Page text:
After the page containing the link to the file was removed, Narwitz published her YouTube video about the leaks, seemingly believing that the file was no longer accessible. Soon after that, users noted on social media that although the link to the file had been removed, the spreadsheet file itself was still accessible. The anonymous reporter told Kotaku that he then contacted the ESA a second time and, at that point, the ESA deleted the file from its website. However, Narwitz’s video had already unwittingly publicized the existence and continued availability of the file, the contents of which continue to be shared online.

The ESA provided Kotaku with a statement about the leak. “ESA was made aware of a website vulnerability that led to the contact list of registered journalists attending E3 being made public,” it wrote. “Once notified, we immediately took steps to protect that data and shut down the site, which is no longer available. We regret this occurrence and have put measures in place to ensure it will not occur again.”

The ESA representative declined to respond to Kotaku’s other questions about why the file was not properly password-protected, how long the file had been available to the public, and whether this was the way that journalists’ personal data had been treated by the organization in past years.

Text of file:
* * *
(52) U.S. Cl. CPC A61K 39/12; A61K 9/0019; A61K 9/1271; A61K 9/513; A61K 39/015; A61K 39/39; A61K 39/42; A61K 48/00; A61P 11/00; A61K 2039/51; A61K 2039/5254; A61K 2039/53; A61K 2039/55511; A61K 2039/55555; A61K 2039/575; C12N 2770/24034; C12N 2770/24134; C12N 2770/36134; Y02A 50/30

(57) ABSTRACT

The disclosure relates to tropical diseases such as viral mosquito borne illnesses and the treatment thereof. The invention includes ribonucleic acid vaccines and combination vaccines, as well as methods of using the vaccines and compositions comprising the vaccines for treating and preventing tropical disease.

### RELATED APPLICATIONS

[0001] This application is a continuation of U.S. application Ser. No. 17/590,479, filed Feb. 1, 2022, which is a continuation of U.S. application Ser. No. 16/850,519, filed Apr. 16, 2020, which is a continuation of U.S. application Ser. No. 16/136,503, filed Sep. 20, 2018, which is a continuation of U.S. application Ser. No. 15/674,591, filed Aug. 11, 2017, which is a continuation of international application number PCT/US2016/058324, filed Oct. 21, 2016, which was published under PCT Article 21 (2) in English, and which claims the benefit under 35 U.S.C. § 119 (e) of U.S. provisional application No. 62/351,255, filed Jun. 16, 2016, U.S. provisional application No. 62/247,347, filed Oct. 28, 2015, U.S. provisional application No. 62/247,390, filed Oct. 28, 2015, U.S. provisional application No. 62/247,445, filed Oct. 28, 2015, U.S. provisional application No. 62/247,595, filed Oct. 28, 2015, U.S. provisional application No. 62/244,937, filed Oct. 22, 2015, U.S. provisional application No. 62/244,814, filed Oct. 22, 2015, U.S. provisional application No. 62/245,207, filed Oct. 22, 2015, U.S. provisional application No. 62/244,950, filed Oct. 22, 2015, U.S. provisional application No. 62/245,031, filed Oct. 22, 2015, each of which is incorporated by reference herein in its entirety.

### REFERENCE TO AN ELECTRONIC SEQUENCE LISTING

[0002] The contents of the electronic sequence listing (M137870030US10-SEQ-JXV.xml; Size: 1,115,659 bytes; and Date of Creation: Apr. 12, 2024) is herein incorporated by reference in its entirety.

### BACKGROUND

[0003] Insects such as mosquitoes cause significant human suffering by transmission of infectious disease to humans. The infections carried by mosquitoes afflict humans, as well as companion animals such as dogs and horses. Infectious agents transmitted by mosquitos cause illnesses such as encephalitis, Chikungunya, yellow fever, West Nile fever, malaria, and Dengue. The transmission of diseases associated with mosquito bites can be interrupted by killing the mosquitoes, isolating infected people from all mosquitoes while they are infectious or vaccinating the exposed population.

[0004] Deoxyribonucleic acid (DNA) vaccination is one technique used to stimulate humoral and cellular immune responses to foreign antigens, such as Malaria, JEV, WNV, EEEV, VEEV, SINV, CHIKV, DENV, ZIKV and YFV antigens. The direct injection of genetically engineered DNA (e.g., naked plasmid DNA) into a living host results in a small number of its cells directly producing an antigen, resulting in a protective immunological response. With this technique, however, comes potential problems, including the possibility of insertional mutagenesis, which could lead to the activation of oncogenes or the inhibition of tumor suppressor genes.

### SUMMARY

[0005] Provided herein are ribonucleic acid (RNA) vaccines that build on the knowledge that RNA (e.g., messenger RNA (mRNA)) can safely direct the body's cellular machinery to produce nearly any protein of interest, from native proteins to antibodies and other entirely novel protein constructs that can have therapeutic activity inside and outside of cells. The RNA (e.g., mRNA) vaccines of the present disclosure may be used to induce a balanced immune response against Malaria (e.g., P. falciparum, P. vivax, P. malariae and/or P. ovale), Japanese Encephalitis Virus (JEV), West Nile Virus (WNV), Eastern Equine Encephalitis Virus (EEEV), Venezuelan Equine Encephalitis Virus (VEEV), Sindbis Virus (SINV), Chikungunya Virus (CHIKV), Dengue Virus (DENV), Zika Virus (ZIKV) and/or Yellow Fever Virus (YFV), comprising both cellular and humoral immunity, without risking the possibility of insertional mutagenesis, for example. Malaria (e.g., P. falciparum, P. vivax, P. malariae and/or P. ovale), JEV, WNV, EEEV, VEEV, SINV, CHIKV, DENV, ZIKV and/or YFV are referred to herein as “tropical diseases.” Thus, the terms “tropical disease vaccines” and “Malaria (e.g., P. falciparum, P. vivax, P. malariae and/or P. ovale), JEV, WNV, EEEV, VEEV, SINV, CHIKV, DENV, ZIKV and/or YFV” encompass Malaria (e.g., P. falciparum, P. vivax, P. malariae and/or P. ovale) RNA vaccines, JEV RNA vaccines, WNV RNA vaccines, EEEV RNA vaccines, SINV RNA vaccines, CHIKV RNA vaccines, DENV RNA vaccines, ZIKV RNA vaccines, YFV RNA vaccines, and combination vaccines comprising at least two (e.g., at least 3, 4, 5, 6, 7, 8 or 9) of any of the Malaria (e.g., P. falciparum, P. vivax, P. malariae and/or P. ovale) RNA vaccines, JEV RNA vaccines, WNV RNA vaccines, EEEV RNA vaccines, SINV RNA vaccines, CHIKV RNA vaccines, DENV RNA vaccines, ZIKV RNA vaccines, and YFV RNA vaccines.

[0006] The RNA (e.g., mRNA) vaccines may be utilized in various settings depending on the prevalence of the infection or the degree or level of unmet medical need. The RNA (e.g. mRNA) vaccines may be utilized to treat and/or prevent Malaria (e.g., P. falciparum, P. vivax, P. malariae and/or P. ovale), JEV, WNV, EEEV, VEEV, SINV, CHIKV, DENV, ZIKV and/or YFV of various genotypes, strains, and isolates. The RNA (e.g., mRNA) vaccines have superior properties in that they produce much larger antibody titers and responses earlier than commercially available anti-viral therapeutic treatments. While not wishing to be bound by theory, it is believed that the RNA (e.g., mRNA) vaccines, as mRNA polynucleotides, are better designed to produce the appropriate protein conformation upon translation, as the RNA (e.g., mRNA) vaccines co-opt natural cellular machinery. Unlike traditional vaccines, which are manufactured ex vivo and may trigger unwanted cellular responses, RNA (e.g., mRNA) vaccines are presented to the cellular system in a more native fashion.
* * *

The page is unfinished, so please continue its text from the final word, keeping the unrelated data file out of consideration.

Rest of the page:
Source: Kotaku.com

Let’s See How Much Fun We Can Squeeze Out Of The Last Half Hour Of E3

E3 2019It’s time for the biggest gaming show of the year. We’ve got articles, videos, podcasts and maybe even a GIF or two.  

Yes, E3 2019 ended three weeks ago. However, in my nightmares, I’m still there, slamming energy drinks and binge-sitting in every gamer chair my eyes can see. As long as my neck still hurts from the flight back, I cannot refrain from scraping the bottom of the E3 barrel. Watch me try and fail to die as E3 2019’s lights go out one by one in this short horror film: “E3: GAME OVER (or, ‘A Big Boy Encounters A Barrel Bottom’).”

This video serves as a sequel of sorts to last year’s “The Weirdest Things We Saw At E3 2018.” Paul Tamayo edited that video in my stead, because both producer Matthew Reyes and I were out of our respective offices. Even a year later, he often regales me with anecdotes about how joyful he found the editing process of that video.

This year, encouraged by Paul’s tales of joy, I attempted to experience the joy myself—both while editing and in the shooting of the footage. Literary critics will later say that “joy” is, in fact, what this video is all about: it’s about trying to rekindle the childish joy I felt when attending my first E3 nineteen years ago. In metaphor with so many other elements of life, my “character” in this “film” endeavors to rekindle this childish joy perhaps when it’s already too late: with just 30 minutes remaining on the last day of E3 2019.

Does my fictionalized self manage to rekindle the childish joy? I’d probably be lying if I said yes, though please watch the video, and chug that thumbs-up icon on our YouTube channel like it was a Sugar Free Red Bull.